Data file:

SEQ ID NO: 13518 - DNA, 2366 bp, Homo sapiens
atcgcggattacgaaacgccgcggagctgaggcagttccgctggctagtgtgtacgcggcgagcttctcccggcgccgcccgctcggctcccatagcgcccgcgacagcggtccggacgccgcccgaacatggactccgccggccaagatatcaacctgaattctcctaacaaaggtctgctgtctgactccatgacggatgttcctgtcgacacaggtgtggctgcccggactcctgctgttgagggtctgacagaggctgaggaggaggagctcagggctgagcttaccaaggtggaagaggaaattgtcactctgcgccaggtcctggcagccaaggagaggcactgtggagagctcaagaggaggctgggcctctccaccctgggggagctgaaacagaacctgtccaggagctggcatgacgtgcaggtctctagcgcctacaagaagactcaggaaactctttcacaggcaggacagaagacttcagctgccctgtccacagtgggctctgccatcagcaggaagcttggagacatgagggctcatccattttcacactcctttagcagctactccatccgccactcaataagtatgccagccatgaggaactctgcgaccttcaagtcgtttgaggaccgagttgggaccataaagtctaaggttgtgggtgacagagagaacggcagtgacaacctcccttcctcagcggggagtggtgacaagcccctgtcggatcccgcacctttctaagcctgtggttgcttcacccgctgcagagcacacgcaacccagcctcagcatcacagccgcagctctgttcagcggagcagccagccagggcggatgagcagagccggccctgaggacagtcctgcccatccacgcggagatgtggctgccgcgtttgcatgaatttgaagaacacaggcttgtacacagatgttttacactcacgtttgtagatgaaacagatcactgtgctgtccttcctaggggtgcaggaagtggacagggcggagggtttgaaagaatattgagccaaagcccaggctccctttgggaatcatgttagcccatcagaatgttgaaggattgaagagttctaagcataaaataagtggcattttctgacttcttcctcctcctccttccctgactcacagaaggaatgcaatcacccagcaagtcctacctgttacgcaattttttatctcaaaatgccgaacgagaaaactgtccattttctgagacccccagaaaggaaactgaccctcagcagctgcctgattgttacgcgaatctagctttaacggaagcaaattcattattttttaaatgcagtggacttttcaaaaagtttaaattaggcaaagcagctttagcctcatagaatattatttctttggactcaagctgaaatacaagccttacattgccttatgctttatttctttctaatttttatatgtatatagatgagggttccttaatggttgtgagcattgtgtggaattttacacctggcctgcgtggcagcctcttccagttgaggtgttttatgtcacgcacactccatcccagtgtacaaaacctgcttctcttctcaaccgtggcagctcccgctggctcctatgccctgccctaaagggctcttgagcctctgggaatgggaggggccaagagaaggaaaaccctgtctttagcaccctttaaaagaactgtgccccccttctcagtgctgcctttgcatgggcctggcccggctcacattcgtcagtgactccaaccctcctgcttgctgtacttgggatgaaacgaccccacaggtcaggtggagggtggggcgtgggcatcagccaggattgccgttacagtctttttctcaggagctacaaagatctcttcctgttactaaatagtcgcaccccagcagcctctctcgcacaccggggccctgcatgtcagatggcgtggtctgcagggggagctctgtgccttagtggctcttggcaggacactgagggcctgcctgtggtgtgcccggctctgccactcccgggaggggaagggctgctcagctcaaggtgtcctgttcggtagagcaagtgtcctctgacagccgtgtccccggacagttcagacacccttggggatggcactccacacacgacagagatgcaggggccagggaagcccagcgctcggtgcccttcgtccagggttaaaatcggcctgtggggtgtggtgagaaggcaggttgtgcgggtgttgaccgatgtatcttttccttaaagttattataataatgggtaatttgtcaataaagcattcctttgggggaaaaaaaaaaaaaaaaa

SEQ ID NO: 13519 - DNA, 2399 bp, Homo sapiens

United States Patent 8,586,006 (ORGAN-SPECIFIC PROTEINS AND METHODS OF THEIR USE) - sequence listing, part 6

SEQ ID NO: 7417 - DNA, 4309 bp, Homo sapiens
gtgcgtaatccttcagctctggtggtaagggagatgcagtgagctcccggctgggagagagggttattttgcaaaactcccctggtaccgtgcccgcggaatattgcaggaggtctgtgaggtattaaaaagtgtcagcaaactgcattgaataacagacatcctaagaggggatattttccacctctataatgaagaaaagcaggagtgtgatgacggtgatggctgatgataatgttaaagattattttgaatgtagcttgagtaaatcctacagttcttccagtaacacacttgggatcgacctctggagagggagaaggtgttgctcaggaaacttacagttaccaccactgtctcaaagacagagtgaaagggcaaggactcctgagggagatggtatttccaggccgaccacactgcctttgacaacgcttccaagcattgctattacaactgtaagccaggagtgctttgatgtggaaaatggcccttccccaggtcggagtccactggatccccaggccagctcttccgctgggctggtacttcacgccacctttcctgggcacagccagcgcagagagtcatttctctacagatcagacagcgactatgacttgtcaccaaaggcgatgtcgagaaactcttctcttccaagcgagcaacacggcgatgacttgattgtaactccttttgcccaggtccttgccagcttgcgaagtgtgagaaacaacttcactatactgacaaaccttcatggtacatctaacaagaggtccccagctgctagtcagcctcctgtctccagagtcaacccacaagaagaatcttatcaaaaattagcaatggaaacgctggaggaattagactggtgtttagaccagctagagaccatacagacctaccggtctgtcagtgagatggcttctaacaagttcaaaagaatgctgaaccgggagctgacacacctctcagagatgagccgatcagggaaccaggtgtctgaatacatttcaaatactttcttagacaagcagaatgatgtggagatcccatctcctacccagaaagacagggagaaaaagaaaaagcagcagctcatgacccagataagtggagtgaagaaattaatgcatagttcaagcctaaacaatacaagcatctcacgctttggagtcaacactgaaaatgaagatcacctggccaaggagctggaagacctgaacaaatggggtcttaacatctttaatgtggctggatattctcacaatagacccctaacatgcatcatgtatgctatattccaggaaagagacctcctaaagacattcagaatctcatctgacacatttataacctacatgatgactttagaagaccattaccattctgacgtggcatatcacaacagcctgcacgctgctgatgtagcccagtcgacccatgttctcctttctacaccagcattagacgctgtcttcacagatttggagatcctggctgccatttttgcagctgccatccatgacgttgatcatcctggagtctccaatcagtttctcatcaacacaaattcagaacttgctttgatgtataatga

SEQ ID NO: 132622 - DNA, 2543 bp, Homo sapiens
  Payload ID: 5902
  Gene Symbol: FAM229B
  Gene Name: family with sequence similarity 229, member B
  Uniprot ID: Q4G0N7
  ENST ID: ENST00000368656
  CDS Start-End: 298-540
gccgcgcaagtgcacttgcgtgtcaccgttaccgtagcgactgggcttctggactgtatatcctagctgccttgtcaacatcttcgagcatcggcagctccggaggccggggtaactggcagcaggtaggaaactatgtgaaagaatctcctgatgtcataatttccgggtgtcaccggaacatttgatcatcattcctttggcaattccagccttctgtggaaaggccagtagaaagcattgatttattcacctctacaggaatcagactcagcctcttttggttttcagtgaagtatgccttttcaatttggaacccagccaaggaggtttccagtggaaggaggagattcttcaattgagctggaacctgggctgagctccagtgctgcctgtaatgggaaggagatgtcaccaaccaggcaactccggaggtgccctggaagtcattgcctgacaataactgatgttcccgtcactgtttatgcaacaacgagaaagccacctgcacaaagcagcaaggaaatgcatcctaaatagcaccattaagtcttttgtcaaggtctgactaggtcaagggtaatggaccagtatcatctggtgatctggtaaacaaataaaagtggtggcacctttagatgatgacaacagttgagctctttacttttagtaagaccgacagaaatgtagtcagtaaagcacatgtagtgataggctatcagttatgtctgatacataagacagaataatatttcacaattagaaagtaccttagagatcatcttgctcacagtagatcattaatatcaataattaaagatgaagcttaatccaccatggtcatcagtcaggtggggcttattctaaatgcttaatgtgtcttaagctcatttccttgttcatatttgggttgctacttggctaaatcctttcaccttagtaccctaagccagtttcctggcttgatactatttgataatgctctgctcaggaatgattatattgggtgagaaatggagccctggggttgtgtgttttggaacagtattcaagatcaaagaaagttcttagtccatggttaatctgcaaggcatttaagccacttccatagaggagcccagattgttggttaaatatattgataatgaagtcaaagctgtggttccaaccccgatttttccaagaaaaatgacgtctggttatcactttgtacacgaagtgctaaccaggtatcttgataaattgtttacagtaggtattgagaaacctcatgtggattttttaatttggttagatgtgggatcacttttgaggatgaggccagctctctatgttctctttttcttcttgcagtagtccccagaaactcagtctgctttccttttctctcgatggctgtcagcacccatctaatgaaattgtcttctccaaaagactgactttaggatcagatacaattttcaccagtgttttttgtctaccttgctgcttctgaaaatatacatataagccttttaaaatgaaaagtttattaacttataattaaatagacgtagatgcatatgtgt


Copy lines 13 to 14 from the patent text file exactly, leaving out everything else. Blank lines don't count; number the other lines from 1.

  CDS Start-End: 298-540
gccgcgcaagtgcacttgcgtgtcaccgttaccgtagcgactgggcttctggactgtatatcctagctgccttgtcaacatcttcgagcatcggcagctccggaggccggggtaactggcagcaggtaggaaactatgtgaaagaatctcctgatgtcataatttccgggtgtcaccggaacatttgatcatcattcctttggcaattccagccttctgtggaaaggccagtagaaagcattgatttattcacctctacaggaatcagactcagcctcttttggttttcagtgaagtatgccttttcaatttggaacccagccaaggaggtttccagtggaaggaggagattcttcaattgagctggaacctgggctgagctccagtgctgcctgtaatgggaaggagatgtcaccaaccaggcaactccggaggtgccctggaagtcattgcctgacaataactgatgttcccgtcactgtttatgcaacaacgagaaagccacctgcacaaagcagcaaggaaatgcatcctaaatagcaccattaagtcttttgtcaaggtctgactaggtcaagggtaatggaccagtatcatctggtgatctggtaaacaaataaaagtggtggcacctttagatgatgacaacagttgagctctttacttttagtaagaccgacagaaatgtagtcagtaaagcacatgtagtgataggctatcagttatgtctgatacataagacagaataatatttcacaattagaaagtaccttagagatcatcttgctcacagtagatcattaatatcaataattaaagatgaagcttaatccaccatggtcatcagtcaggtggggcttattctaaatgcttaatgtgtcttaagctcatttccttgttcatatttgggttgctacttggctaaatcctttcaccttagtaccctaagccagtttcctggcttgatactatttgataatgctctgctcaggaatgattatattgggtgagaaatggagccctggggttgtgtgttttggaacagtattcaagatcaaagaaagttcttagtccatggttaatctgcaaggcatttaagccacttccatagaggagcccagattgttggttaaatatattgataatgaagtcaaagctgtggttccaaccccgatttttccaagaaaaatgacgtctggttatcactttgtacacgaagtgctaaccaggtatcttgataaattgtttacagtaggtattgagaaacctcatgtggattttttaatttggttagatgtgggatcacttttgaggatgaggccagctctctatgttctctttttcttcttgcagtagtccccagaaactcagtctgctttccttttctctcgatggctgtcagcacccatctaatgaaattgtcttctccaaaagactgactttaggatcagatacaattttcaccagtgttttttgtctaccttgctgcttctgaaaatatacatataagccttttaaaatgaaaagtttattaacttataattaaatagacgtagatgcatatgtgt